Northwest Mahler Festival—This gathering of local community orchestra players is participating in Benaroya Hall's third annual Day of Music (9/17), repeating all or part of their magnificent performance of Mahler's Eighth from last July. 667-6567.

Northwest Sinfonietta—Christophe Chagnard leads the 10th season for this acclaimed chamber orchestra, which ventures away from its Tacoma home once to the Kirkland Performance Center (Bach's Christmas Oratorio, 12/3) and twice to Benaroya in 2001. 425-893-9900 or 296-ARTS.

Northwest Symphony—Anthony Spain keeps up his tradition of including a local composer on every program, selecting Gregory Short's Phato and David Mesler's Dance Macabre, along with Bach and Mussorgsky, for their 10/27 season opener. 242-6321.

Orchestra Seattle/Seattle Chamber Singers—Their opening gala features Brahms' Violin Concerto (with soloist Sharyn Petersen) and Mozart's Requiem (10/22). Next comes Telemann, Milhaud, and Haydn (11/19); three Magnificats by Schtz, Charpentier, and Bach (12/1 and 12/3); and their Messiah (12/17). George Shangrow conducts. 682-5208.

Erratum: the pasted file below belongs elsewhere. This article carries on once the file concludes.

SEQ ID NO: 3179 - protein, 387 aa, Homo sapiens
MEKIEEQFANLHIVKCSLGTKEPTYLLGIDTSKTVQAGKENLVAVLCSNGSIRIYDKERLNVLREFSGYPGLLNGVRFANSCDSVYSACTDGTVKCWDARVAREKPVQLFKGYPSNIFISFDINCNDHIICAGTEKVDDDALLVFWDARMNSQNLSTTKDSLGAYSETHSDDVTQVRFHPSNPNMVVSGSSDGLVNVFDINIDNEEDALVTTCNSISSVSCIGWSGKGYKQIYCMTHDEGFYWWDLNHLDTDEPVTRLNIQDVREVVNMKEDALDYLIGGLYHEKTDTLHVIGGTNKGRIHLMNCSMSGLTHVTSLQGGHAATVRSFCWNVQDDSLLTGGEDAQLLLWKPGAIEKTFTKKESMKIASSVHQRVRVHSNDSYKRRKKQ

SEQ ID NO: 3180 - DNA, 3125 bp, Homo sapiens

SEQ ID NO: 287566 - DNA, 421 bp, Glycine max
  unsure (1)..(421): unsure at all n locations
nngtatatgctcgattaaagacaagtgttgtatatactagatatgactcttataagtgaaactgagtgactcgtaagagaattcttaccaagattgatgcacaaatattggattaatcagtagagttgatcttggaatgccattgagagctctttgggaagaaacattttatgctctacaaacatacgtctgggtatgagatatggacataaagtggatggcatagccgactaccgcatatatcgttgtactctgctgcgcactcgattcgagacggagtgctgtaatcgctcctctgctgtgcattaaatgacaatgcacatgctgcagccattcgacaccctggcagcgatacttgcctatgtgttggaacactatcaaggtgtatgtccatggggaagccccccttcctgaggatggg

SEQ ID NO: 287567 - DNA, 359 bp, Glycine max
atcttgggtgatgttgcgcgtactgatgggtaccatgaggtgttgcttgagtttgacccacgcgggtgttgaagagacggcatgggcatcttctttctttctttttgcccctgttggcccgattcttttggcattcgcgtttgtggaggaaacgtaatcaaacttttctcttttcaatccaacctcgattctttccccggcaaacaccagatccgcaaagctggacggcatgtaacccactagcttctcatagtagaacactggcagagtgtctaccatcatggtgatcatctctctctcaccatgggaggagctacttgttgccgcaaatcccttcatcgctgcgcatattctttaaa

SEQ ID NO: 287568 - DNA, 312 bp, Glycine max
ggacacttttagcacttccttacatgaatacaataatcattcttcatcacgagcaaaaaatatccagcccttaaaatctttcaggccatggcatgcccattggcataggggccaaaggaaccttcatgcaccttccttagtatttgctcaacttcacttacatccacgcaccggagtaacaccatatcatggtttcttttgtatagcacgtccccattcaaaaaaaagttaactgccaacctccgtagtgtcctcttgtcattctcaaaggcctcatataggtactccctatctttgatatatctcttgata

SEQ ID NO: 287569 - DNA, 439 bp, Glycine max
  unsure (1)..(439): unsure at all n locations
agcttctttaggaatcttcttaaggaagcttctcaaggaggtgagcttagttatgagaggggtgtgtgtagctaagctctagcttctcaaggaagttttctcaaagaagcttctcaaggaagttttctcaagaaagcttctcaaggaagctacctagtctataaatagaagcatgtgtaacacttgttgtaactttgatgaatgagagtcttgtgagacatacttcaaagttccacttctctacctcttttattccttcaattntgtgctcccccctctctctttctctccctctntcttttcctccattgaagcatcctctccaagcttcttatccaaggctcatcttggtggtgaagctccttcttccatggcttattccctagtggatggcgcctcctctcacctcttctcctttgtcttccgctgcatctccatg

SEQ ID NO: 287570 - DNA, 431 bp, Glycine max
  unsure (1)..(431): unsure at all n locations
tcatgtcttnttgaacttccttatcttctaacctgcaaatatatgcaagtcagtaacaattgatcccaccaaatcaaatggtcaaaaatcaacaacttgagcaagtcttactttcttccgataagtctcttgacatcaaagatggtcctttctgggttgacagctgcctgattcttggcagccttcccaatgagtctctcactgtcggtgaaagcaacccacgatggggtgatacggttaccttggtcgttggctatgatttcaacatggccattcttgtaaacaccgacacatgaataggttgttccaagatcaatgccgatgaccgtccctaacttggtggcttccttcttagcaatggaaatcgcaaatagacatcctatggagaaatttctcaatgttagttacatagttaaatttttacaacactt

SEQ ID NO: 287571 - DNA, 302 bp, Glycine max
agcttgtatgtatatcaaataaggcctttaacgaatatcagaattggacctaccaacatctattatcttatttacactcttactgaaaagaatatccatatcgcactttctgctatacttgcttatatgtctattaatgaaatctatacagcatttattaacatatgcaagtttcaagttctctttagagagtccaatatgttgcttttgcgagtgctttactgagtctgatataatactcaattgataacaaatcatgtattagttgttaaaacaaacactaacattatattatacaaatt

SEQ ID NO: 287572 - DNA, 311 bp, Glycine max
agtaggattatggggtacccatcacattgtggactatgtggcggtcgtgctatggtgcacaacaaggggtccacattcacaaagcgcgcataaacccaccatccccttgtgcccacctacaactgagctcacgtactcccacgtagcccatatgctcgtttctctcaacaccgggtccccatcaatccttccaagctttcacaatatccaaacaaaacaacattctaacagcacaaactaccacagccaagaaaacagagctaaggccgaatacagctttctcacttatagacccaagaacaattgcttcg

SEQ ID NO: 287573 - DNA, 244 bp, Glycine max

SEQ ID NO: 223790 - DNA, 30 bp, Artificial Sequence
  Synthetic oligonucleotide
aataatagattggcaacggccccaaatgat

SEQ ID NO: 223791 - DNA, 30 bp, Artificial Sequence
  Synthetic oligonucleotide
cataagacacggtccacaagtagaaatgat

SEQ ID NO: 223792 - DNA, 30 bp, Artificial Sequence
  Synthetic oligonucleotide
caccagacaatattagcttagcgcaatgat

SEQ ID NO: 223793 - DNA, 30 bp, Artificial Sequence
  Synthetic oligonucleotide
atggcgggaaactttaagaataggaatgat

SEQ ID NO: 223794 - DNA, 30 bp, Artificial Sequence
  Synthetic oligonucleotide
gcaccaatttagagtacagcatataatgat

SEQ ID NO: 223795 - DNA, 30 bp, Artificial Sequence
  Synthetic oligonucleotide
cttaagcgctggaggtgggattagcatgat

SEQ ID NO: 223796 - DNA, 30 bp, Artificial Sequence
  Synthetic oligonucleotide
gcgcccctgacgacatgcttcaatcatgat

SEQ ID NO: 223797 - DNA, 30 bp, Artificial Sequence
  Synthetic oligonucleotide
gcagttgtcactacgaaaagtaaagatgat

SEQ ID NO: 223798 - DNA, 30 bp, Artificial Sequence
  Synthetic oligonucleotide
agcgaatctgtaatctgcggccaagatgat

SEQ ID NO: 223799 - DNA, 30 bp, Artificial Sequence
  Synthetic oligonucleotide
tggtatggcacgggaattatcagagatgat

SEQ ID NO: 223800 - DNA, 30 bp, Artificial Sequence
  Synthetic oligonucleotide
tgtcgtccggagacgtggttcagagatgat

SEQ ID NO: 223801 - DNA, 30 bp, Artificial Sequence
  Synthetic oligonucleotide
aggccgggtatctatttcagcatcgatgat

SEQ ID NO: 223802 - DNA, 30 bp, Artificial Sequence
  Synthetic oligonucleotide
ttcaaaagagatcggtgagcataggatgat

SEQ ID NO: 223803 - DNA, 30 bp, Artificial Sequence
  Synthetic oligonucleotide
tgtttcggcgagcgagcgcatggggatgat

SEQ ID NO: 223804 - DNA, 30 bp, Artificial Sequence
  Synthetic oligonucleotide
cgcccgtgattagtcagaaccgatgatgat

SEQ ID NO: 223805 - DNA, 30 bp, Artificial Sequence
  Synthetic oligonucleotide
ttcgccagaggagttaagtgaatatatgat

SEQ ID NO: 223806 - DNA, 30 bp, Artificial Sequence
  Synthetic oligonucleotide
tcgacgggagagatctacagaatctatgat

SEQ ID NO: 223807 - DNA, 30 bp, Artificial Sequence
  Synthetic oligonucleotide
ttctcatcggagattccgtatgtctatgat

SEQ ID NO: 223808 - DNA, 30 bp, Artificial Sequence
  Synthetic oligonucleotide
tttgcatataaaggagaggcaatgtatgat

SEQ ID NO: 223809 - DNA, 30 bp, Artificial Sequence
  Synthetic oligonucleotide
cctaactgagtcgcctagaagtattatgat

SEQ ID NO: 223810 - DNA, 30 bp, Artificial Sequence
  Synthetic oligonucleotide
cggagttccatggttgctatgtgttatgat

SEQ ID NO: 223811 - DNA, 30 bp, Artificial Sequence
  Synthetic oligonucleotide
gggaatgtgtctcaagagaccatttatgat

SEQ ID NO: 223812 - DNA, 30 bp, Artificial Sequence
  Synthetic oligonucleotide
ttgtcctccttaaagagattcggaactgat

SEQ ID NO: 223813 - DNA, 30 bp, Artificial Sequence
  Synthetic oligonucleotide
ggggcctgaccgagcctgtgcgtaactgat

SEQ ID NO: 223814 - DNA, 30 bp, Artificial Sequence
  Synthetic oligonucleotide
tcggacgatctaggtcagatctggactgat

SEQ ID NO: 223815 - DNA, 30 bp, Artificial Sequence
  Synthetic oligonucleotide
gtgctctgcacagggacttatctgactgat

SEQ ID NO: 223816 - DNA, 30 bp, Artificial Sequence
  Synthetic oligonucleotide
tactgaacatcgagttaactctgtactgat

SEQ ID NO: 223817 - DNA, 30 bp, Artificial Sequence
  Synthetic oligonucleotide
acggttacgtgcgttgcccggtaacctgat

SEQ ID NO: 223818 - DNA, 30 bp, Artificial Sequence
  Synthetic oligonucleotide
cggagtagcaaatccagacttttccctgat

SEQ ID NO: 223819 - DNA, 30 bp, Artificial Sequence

Philharmonia Northwest—Their first full season in Town Hall showed off what a splendid space it is. Roupen Shakarian brings them back for Stravinsky, Mozart, and Mendelssohn (10/22); violist Helen Callus plus Kurt Weill, Vaughan-Williams, and Shakarian's own Whimsy (12/3). 675-9727.

Seattle Baroque—Six concerts of orchestral, chamber, solo, and vocal works led by concertmaster Ingrid Matthews and keyboardist Byron Schenkman. There'll be three of Bach's Brandenburgs, plus Telemann and Handel, on their season opener (10/5-7). The Messiah arrives 12/8-10. They're playing, by my count, in six different venues this season, so watch our calendar closely for details. 322-3118.

Seattle Creative Orchestra—Redefining the orchestra by including nonstandard instruments (from the accordion to the synthesizer) and instruments from other cultures is their mission; their first concert features new works by Christopher Adler, Jacqueline Jeeyoung Kim, and Christopher Shainin, plus John Cage's rapturously meditative Ryoanji (10/28). 789-3628.